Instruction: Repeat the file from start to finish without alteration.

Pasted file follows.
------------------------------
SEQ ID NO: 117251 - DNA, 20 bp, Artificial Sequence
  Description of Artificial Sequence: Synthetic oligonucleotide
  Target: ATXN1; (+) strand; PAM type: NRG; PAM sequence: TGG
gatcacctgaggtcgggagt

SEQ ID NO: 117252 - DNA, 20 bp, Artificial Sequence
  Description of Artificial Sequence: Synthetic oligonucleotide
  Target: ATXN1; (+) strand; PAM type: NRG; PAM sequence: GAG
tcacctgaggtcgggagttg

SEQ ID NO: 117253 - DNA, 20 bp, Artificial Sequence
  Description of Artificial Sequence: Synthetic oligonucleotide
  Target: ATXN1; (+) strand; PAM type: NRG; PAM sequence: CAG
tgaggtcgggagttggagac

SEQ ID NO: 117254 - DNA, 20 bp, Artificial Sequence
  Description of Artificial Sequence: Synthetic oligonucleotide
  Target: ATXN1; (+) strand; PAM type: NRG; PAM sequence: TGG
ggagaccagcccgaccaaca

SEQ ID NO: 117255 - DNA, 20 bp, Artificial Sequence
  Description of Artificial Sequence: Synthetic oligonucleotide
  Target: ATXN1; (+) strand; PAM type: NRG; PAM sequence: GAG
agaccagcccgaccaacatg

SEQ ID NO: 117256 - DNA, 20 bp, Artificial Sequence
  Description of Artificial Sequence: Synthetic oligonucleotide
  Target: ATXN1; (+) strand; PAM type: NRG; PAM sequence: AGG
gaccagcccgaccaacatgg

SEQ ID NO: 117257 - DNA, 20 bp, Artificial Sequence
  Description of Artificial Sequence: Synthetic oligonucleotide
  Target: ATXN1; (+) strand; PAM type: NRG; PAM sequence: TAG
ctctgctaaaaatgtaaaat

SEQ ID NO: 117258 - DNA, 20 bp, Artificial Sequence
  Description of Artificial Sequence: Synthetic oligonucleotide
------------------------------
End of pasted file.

SEQ ID NO: 117251 - DNA, 20 bp, Artificial Sequence
  Description of Artificial Sequence: Synthetic oligonucleotide
  Target: ATXN1; (+) strand; PAM type: NRG; PAM sequence: TGG
gatcacctgaggtcgggagt

SEQ ID NO: 117252 - DNA, 20 bp, Artificial Sequence
  Description of Artificial Sequence: Synthetic oligonucleotide
  Target: ATXN1; (+) strand; PAM type: NRG; PAM sequence: GAG
tcacctgaggtcgggagttg

SEQ ID NO: 117253 - DNA, 20 bp, Artificial Sequence
  Description of Artificial Sequence: Synthetic oligonucleotide
  Target: ATXN1; (+) strand; PAM type: NRG; PAM sequence: CAG
tgaggtcgggagttggagac

SEQ ID NO: 117254 - DNA, 20 bp, Artificial Sequence
  Description of Artificial Sequence: Synthetic oligonucleotide
  Target: ATXN1; (+) strand; PAM type: NRG; PAM sequence: TGG
ggagaccagcccgaccaaca

SEQ ID NO: 117255 - DNA, 20 bp, Artificial Sequence
  Description of Artificial Sequence: Synthetic oligonucleotide
  Target: ATXN1; (+) strand; PAM type: NRG; PAM sequence: GAG
agaccagcccgaccaacatg

SEQ ID NO: 117256 - DNA, 20 bp, Artificial Sequence
  Description of Artificial Sequence: Synthetic oligonucleotide
  Target: ATXN1; (+) strand; PAM type: NRG; PAM sequence: AGG
gaccagcccgaccaacatgg

SEQ ID NO: 117257 - DNA, 20 bp, Artificial Sequence
  Description of Artificial Sequence: Synthetic oligonucleotide
  Target: ATXN1; (+) strand; PAM type: NRG; PAM sequence: TAG
ctctgctaaaaatgtaaaat

SEQ ID NO: 117258 - DNA, 20 bp, Artificial Sequence
  Description of Artificial Sequence: Synthetic oligonucleotide